2.8.3. Stability Study

TTO-LNF gel in a glass vial container was stored at 4 ± 1 °C and 40 ± 1 °C for 4 weeks, respectively. The accelerated condition has been selected to predict a longer-term stability. All stability studies were carried out with 3 batches and observed in terms of physical appearance, homogeneity, globule size, and PDI. Finally, the samples were collected and analyzed for terpinen-4-ol concentration using the developed PDA-HPLC method.

2.9. In Vitro Antibacterial Evaluation of LNF Formulations

2.9.1. Bacterial Strains and Culture

Representative strains of Gram-negative and Gram-positive bacteria were used. Bacterial strains of Staphylococcus epidermidis ATCC 35984 and Pseudomonas aeruginosa PAO1 were sourced from −80 °C and were selectively grown on Tryptic Soy Agar (TSA) plates (Thermo Fisher, Waltham, MA USA). Overnight bacterial cultures were prepared by isolating a single colony and suspending it in 10 mL sterile Tryptic Soy Broth (TSB) medium (Thermo Fisher, Waltham, MA USA). The bacterial culture was incubated overnight (16–18 h) at 37 °C in a shaking incubator (Adelab Scientific, Adelaide, SA, Australia). The next day, the optical density of bacterial culture was measured at 660 nm (OD660) and standardized to 0.25, which equates to approximately 2.5 × 108 CFU/mL.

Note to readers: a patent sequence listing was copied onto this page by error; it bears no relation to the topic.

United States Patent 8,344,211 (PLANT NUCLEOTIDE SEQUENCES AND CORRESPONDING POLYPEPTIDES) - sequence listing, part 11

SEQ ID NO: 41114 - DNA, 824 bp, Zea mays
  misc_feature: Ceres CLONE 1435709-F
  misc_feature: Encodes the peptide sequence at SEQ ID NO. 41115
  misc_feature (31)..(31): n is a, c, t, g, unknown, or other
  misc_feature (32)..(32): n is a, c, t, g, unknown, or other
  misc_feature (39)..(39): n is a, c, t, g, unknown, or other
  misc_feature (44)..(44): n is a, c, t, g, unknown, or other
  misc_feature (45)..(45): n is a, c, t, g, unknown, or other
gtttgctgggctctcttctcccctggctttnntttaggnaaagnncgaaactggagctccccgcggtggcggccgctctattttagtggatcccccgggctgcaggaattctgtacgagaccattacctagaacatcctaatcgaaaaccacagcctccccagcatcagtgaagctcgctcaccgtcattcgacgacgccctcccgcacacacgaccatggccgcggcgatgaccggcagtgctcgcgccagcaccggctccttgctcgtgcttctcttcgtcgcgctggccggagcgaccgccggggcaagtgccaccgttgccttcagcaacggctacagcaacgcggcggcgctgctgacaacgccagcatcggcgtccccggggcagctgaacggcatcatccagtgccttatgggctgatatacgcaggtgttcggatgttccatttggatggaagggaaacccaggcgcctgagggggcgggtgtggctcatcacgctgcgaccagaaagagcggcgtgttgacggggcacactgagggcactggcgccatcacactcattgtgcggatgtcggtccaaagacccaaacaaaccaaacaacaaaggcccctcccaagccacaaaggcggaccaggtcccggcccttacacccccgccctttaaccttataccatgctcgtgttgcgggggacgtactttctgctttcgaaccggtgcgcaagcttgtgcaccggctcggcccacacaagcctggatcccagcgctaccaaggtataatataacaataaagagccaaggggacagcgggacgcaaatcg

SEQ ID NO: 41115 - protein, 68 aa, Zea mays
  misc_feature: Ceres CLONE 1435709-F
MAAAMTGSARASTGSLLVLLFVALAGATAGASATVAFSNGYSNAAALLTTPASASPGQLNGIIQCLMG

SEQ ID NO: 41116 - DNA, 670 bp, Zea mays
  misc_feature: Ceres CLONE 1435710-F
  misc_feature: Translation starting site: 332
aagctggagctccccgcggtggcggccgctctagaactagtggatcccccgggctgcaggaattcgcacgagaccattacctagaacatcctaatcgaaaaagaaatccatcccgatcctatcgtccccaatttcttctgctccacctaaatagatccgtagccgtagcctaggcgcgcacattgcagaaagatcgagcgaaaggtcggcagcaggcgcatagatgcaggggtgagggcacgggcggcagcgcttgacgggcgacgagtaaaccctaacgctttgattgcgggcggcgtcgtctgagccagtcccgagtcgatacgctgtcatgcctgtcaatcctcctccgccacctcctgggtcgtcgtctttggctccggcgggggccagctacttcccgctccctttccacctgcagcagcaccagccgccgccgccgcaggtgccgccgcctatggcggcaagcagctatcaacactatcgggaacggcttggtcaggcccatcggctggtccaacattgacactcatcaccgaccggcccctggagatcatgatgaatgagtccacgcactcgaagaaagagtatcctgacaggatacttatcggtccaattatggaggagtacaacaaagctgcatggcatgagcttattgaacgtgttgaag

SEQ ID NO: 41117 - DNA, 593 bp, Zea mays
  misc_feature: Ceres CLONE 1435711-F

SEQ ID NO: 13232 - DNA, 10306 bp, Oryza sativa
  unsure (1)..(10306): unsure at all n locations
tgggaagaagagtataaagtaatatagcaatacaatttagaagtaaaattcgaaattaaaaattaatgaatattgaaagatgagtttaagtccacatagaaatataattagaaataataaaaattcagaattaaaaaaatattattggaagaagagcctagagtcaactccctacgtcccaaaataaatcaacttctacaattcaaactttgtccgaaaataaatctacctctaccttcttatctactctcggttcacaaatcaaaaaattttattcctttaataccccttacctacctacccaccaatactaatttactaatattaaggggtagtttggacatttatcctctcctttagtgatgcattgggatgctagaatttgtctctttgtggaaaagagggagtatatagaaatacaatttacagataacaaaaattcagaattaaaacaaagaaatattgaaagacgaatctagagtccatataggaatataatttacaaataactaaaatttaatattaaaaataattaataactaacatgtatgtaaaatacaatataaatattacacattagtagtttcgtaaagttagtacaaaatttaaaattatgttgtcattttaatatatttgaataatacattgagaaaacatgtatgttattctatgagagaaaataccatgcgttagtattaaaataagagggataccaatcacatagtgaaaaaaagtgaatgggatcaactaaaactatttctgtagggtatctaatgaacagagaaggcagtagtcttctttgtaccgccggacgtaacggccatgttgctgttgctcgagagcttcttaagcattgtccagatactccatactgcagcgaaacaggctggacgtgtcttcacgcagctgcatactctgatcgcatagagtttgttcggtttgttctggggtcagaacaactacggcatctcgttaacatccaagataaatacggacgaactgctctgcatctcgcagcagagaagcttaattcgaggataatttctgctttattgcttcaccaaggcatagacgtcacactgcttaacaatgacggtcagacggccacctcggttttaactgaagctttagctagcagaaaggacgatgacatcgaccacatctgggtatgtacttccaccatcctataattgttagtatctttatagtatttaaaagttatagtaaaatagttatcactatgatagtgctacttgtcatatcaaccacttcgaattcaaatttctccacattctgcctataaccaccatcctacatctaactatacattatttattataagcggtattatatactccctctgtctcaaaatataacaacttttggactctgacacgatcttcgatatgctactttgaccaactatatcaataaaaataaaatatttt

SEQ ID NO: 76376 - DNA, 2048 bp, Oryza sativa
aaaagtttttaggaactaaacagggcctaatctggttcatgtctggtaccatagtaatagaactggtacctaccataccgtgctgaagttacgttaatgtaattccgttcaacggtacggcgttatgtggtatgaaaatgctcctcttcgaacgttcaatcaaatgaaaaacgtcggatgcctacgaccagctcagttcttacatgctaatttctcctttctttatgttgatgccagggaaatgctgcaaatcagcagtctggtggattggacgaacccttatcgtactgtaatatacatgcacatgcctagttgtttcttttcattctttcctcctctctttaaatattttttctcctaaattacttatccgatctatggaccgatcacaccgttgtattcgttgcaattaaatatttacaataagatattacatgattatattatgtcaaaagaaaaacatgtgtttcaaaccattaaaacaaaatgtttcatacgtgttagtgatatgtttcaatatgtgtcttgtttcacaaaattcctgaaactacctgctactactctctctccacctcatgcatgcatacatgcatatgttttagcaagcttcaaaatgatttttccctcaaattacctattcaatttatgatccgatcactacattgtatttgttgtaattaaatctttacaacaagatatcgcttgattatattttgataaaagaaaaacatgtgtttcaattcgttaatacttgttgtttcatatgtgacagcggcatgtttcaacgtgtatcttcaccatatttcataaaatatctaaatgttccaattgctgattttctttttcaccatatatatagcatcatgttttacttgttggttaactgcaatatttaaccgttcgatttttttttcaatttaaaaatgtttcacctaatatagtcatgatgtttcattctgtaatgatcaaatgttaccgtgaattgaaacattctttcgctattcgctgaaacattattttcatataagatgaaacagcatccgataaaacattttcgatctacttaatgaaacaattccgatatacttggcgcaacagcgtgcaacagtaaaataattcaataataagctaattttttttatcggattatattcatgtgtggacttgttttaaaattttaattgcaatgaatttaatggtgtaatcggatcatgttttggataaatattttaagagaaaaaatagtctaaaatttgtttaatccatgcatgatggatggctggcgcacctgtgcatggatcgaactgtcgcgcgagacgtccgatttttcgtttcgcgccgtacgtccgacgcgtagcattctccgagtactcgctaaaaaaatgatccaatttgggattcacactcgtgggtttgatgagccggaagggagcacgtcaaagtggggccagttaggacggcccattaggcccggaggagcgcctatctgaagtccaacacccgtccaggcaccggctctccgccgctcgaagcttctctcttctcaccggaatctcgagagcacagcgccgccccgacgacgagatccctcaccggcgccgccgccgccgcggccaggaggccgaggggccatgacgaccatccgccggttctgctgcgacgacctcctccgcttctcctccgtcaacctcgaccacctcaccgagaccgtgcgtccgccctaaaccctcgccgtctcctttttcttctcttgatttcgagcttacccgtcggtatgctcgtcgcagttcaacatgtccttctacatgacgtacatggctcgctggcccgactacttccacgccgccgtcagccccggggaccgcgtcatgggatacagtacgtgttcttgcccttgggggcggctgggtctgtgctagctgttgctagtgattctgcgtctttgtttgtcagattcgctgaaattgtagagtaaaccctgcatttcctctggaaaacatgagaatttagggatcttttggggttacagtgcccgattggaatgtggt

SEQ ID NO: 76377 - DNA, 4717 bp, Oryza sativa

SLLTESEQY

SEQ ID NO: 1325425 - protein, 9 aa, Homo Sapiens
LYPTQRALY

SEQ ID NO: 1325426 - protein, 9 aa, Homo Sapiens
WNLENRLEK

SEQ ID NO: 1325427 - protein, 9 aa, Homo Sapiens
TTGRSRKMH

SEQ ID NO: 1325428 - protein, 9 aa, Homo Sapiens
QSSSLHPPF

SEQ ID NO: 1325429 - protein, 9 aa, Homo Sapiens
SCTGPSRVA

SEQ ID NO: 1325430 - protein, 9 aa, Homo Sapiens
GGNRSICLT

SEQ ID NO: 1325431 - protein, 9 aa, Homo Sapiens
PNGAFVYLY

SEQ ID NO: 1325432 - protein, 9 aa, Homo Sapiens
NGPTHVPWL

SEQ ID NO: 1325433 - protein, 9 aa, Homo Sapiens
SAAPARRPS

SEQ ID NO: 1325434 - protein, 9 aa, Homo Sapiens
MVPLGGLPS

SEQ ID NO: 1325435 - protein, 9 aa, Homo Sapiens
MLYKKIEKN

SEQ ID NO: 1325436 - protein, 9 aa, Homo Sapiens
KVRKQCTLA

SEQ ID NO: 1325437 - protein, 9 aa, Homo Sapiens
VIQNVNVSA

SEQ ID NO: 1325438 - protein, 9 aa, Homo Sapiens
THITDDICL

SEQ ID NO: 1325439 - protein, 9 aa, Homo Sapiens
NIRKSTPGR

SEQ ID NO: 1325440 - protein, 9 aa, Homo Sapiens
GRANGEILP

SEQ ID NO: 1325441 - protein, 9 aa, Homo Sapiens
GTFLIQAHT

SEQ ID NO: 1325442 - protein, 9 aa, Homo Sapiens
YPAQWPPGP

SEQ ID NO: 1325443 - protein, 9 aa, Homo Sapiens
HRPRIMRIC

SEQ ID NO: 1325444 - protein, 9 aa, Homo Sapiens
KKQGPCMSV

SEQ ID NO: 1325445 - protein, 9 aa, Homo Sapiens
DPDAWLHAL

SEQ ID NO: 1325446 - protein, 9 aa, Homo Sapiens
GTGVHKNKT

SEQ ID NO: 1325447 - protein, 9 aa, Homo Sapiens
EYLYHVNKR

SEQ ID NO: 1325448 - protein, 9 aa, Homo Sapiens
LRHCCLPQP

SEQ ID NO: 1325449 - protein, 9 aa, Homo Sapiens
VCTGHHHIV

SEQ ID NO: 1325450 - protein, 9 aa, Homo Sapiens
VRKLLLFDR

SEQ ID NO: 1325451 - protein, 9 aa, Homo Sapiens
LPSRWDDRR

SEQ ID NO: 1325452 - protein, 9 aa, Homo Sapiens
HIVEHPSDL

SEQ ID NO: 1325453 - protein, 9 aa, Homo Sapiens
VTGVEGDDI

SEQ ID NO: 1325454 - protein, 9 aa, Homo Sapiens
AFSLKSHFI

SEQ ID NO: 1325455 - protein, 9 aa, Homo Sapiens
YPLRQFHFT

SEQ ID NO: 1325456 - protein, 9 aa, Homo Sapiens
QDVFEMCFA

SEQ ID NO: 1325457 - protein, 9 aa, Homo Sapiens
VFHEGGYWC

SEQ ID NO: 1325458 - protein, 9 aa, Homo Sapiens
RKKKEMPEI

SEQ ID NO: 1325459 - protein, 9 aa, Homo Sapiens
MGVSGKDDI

2.9.2. Well Diffusion Assay

The good diffusion assay was employed to test the susceptibility of TTO-LNF formulations against different bacterial strains. The method was employed based on our recent study and in accordance with the Clinical and Laboratory Standards Institute (CLSI) [41]. Firstly, bacterial strains of (S. epidermidis and P. aeruginosa) were grown overnight at 37 °C in TSB, and then its concentration was adjusted to OD 660 nm 0.25. Thereafter, it was further diluted to obtain 1 × 106 CFU mL in TSB. Then, the bacterial lawn was prepared on the surface of the agar plate by adding 100 μL of diluted inoculum and spread uniformly using a sterile cotton swab. Then, using a sterile cork borer, a well with a diameter of 6 mm was punched aseptically (6 wells/plate). The test formulations and positive control (Kanamycin 25 µg/mL) were introduced into the well (100 µL). The agar plates were transferred to the 37 °C incubator overnight (16–18 h) and the zone of inhibition (mm) was measured the following day. Each test was carried out at least in triplicates.